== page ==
A staunch follower of Gandhi, Devika, founder and managing trustee of The Aseema Trust, strives hard to spread the Gandhian principles.
Meet V.R. Devika, founder and managing trustee of The Aseema (without boundaries) Trust, who is striving hard to spread the Gandhian principles among children. The Trust links traditional performing arts, Gandhi and education.
“Art is closely linked with education. It is a skill which enhances knowledge. We all basically hail from villages which are the treasure houses of traditional arts. But today, we have left all this behind and there exist a great urban-rural divide. To bridge this gap, I turned towards Gandhian principles. According to Gandhi villages are very important. India lives in its villages,” says Devika. She feels by studying more about Gandhi we can understand our country better. With this thought in mind she began various projects in the Aseema Trust.
An ongoing project ‘Spin a yarn,' which is being held in the city schools has completed one year. It is aimed at bringing back the practice of spinning on the charka. It will also encourage children to learn about peace, education, dignity of labour and cleanliness for social action. Devika undertakes the task of spinning on the charka at public places such as the Central Railway Station and Nageswara Rao Park every year on January 30 and October 2.
When she interacts with children, she advises them to take individual decisions such as not to eat coke, chips, etc. Instead, she insists on taking groundnuts and plantains as their skins are eco-friendly.
Devika promotes traditional performing arts such as Koothu, Devarattam, Oyilattam, and so on. They have specific steps, solkattu and rules similar to that of Bharatanatyam which occupies a prime position these days.
Dance and Gandhi
Devika clearly connects this dance form to Gandhi. Beautifully she describes the basic dance salute to fit Gandhian principle for respect of nature and diversity. She interprets it as: With my soul and my body I salute with devotion, mother Earth who is my partner, whom I have to remember in every one of my decisions, and with all the people of all colours, race, faith, animals, rivers, rocks, I share Mother Earth with me. Devika carries this message of harnessing dramatic elements of the performing arts to girls of Avvai Home and many other city schools.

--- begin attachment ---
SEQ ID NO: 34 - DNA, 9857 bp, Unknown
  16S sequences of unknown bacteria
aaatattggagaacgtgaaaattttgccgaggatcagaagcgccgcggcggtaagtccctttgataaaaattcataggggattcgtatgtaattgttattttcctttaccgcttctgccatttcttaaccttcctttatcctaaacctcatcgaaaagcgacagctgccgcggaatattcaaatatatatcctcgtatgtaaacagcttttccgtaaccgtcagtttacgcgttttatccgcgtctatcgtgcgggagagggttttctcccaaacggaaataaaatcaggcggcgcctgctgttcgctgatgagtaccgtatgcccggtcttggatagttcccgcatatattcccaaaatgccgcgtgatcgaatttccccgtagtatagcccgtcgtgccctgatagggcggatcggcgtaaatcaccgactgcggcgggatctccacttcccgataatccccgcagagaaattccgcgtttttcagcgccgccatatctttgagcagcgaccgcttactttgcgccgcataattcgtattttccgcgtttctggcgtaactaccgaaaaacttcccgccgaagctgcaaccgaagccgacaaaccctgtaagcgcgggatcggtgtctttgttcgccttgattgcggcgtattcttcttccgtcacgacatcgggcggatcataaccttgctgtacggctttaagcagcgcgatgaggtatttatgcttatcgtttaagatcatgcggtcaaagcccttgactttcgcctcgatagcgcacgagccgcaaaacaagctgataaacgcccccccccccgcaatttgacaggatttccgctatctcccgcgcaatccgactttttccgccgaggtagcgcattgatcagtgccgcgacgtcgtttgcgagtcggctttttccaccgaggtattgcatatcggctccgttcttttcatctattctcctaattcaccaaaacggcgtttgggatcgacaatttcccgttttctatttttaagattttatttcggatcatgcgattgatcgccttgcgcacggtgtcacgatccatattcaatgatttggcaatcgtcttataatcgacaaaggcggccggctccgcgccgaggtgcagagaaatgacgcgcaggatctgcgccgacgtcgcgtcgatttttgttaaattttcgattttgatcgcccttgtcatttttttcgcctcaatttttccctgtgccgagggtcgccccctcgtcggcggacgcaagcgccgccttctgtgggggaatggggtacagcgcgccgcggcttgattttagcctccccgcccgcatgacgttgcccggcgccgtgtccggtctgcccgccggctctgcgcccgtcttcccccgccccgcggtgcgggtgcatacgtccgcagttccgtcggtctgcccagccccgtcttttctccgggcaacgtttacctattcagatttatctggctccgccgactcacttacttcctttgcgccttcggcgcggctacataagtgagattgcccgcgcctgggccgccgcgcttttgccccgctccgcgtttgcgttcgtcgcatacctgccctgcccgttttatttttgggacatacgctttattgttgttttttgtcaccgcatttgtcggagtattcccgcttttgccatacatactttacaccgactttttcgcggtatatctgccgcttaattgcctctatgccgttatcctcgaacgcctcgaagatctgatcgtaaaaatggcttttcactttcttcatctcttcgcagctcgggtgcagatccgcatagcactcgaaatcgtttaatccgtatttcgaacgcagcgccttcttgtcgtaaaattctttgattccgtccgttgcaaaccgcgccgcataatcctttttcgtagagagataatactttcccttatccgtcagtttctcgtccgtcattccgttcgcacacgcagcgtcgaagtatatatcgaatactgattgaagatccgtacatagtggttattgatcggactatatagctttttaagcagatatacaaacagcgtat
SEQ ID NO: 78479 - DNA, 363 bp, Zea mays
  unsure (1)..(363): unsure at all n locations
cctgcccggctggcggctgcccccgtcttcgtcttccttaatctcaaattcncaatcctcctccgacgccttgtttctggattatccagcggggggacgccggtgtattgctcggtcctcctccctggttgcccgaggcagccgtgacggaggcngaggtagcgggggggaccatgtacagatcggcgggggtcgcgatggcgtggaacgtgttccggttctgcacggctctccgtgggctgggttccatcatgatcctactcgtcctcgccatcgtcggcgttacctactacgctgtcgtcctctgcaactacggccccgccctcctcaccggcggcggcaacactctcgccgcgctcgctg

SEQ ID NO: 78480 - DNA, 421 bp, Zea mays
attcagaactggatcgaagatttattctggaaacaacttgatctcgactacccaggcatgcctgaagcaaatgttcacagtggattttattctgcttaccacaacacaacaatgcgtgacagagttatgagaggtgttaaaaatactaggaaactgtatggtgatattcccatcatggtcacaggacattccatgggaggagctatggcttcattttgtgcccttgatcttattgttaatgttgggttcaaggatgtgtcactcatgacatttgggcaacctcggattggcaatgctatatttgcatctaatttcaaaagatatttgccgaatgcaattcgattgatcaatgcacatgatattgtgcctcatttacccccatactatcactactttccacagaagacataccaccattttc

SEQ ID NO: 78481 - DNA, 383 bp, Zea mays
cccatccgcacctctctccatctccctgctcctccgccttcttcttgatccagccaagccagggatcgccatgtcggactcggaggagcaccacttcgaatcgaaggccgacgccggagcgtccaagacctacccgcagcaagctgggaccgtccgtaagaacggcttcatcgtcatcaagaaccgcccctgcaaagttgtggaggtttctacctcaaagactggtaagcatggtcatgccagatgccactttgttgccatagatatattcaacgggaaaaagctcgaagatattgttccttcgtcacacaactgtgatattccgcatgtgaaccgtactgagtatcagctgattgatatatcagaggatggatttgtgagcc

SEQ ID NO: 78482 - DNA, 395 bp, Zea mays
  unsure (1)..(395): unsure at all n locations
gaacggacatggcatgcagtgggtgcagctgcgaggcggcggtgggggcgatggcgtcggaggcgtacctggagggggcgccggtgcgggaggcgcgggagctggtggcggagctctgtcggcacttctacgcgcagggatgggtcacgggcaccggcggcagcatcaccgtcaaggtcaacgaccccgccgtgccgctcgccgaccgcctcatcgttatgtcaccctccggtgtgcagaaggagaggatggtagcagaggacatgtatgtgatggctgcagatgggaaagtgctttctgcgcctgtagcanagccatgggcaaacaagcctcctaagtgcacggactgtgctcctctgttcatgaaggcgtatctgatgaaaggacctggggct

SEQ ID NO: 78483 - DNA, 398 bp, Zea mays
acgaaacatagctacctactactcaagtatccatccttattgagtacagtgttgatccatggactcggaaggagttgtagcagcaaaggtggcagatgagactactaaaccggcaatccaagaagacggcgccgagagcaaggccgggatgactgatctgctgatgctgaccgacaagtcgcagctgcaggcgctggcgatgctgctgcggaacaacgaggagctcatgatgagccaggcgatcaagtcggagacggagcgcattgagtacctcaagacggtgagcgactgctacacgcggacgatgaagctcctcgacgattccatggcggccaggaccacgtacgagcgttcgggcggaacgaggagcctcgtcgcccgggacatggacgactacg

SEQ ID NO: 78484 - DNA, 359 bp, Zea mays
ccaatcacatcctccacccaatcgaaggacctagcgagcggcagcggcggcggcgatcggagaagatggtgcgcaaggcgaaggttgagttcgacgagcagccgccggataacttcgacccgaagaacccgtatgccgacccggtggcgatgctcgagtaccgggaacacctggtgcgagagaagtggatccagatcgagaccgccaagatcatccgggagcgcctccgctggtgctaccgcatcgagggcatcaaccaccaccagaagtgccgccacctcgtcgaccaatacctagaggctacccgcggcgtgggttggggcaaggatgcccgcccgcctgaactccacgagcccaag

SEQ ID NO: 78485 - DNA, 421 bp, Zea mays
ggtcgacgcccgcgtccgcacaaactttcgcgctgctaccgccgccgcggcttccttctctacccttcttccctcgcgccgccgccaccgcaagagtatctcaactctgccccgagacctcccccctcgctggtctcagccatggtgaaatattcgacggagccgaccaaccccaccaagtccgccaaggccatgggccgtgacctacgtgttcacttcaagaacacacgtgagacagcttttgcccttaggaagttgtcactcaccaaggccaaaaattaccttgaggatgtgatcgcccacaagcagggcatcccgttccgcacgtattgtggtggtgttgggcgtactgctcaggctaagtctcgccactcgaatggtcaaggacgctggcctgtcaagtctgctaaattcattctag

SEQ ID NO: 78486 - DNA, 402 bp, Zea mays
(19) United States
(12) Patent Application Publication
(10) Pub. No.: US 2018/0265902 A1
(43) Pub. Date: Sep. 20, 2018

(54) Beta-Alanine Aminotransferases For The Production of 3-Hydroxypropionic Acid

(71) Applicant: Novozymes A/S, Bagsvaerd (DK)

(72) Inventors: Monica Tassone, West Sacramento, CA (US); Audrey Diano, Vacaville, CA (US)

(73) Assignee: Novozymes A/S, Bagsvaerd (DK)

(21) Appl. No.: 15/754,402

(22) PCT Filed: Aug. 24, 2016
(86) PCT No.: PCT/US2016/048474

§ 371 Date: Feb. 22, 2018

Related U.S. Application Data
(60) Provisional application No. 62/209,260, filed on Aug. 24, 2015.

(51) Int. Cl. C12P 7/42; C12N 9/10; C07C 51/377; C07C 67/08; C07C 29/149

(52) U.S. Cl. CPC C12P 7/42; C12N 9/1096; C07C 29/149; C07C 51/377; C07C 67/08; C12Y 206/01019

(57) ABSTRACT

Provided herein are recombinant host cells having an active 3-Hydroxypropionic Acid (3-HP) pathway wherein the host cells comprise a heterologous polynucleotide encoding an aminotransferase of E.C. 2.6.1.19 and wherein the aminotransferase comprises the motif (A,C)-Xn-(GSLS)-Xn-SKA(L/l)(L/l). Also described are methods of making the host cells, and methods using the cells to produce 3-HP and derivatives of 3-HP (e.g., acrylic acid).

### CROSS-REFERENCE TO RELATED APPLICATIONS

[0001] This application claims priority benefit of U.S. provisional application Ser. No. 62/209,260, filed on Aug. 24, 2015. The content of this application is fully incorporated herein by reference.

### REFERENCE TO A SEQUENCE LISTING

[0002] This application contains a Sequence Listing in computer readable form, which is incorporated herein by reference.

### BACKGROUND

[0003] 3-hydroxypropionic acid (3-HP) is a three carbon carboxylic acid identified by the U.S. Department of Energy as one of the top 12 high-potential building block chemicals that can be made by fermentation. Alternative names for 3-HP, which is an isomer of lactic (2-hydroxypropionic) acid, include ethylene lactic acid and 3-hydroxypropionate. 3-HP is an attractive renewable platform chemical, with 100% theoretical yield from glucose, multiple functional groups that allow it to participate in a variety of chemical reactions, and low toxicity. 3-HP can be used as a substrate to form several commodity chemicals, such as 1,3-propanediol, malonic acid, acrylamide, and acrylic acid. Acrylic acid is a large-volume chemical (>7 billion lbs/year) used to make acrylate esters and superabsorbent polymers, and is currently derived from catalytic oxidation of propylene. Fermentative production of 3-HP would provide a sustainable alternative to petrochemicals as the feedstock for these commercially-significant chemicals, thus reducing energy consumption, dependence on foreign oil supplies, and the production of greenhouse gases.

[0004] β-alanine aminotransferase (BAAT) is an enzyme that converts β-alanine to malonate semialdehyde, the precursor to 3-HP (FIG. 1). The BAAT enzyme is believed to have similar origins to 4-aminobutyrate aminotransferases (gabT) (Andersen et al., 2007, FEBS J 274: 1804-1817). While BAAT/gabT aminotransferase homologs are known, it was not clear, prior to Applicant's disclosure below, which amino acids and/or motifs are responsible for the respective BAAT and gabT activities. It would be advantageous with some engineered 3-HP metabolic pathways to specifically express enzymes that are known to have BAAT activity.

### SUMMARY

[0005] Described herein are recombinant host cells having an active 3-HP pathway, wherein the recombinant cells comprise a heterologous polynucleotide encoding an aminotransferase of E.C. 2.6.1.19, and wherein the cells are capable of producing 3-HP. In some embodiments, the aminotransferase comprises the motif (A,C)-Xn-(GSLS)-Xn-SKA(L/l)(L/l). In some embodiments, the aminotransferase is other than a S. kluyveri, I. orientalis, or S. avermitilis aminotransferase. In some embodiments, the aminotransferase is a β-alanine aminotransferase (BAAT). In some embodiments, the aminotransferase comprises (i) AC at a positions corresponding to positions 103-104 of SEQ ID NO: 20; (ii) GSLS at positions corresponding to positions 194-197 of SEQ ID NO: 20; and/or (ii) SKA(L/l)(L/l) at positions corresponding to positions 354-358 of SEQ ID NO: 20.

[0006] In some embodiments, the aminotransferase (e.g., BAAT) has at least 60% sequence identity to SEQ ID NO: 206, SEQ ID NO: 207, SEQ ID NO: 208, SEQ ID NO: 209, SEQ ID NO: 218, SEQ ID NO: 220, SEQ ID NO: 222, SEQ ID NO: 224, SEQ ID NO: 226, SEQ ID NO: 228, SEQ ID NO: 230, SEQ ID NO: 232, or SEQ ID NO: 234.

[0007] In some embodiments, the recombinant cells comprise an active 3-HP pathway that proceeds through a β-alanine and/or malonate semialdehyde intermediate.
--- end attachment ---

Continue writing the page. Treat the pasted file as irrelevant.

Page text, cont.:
Devika, a native of Karnataka, came to Chennai as a young woman to pursue higher education and began working in P.S. High School, Mylapore, as a kindergarten school teacher. She then learnt Bharatanatyam from the Dhananjayans at the age of 21. She applied dance gestures and mudras and made her teaching so lively that children loved her classes.
Looking at her talent in infusing art and education she was invited to become the director of education and culture at INTACH and the Madras Craft Foundation. She is a globe trotter and with her international travel experiences she established the Aseema Trust.
Devika has many awards to her credit such as the Kala Seva Bharathi from Bharath Kalachar for service to arts and education, Gnanasamudhra Award from Samudhra magazine, Lifetime Achievement Award from Amir Khusro Music Academy, Woman of Substance and Vocational Excellence awards from Rotary Clubs, Woman's Day honour from Jaycees, Best Lecture Demonstration Award at the Natyakala Conference of Sri Krishna Gana Sabha. Devika has given lectures on dance and was also a dance critic for many popular newspapers and magazines. She has also directed shows with 1,000 children of different abilities, socio-economic situations on different themes with folk and classical artists, crafts persons as resource persons.
A single woman, Devika, has faced life with determination and courage. She says, “For me, marriage is not a necessity and I have never felt lonely though being a single woman. Dealing with so many children and travelling far and wide has never made her feel for want for companionship.”